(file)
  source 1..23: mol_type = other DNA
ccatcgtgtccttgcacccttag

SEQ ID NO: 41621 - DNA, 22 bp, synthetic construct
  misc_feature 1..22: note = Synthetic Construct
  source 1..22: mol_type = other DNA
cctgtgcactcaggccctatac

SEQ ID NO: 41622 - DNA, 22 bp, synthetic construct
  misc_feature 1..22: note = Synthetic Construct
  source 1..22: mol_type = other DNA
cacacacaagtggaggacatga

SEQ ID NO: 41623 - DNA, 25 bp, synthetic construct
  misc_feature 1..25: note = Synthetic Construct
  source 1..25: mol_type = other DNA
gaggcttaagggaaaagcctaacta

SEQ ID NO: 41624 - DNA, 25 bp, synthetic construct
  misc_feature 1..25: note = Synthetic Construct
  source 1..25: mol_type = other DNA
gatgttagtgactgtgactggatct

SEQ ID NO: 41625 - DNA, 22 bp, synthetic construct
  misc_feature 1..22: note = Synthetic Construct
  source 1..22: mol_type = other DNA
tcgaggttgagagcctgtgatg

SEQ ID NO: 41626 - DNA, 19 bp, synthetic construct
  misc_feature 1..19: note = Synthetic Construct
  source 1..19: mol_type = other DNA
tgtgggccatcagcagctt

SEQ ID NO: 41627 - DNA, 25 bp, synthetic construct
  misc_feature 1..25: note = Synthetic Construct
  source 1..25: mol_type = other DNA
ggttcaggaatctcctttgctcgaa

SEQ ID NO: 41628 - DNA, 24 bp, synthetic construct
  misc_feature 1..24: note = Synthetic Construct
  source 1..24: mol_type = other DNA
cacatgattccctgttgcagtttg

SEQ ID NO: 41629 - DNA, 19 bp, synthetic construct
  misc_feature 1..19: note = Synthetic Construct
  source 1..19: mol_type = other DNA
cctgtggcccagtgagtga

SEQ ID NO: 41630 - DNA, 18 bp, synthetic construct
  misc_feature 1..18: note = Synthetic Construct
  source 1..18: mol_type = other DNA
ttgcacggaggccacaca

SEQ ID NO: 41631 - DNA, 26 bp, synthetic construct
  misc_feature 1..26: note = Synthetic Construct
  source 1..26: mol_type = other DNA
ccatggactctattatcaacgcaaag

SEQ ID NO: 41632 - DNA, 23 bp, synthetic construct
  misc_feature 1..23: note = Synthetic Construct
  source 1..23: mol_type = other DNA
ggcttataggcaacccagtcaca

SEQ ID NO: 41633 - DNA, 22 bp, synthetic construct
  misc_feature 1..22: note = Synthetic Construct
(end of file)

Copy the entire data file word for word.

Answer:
  source 1..23: mol_type = other DNA
ccatcgtgtccttgcacccttag

SEQ ID NO: 41621 - DNA, 22 bp, synthetic construct
  misc_feature 1..22: note = Synthetic Construct
  source 1..22: mol_type = other DNA
cctgtgcactcaggccctatac

SEQ ID NO: 41622 - DNA, 22 bp, synthetic construct
  misc_feature 1..22: note = Synthetic Construct
  source 1..22: mol_type = other DNA
cacacacaagtggaggacatga

SEQ ID NO: 41623 - DNA, 25 bp, synthetic construct
  misc_feature 1..25: note = Synthetic Construct
  source 1..25: mol_type = other DNA
gaggcttaagggaaaagcctaacta

SEQ ID NO: 41624 - DNA, 25 bp, synthetic construct
  misc_feature 1..25: note = Synthetic Construct
  source 1..25: mol_type = other DNA
gatgttagtgactgtgactggatct

SEQ ID NO: 41625 - DNA, 22 bp, synthetic construct
  misc_feature 1..22: note = Synthetic Construct
  source 1..22: mol_type = other DNA
tcgaggttgagagcctgtgatg

SEQ ID NO: 41626 - DNA, 19 bp, synthetic construct
  misc_feature 1..19: note = Synthetic Construct
  source 1..19: mol_type = other DNA
tgtgggccatcagcagctt

SEQ ID NO: 41627 - DNA, 25 bp, synthetic construct
  misc_feature 1..25: note = Synthetic Construct
  source 1..25: mol_type = other DNA
ggttcaggaatctcctttgctcgaa

SEQ ID NO: 41628 - DNA, 24 bp, synthetic construct
  misc_feature 1..24: note = Synthetic Construct
  source 1..24: mol_type = other DNA
cacatgattccctgttgcagtttg

SEQ ID NO: 41629 - DNA, 19 bp, synthetic construct
  misc_feature 1..19: note = Synthetic Construct
  source 1..19: mol_type = other DNA
cctgtggcccagtgagtga

SEQ ID NO: 41630 - DNA, 18 bp, synthetic construct
  misc_feature 1..18: note = Synthetic Construct
  source 1..18: mol_type = other DNA
ttgcacggaggccacaca

SEQ ID NO: 41631 - DNA, 26 bp, synthetic construct
  misc_feature 1..26: note = Synthetic Construct
  source 1..26: mol_type = other DNA
ccatggactctattatcaacgcaaag

SEQ ID NO: 41632 - DNA, 23 bp, synthetic construct
  misc_feature 1..23: note = Synthetic Construct
  source 1..23: mol_type = other DNA
ggcttataggcaacccagtcaca

SEQ ID NO: 41633 - DNA, 22 bp, synthetic construct
  misc_feature 1..22: note = Synthetic Construct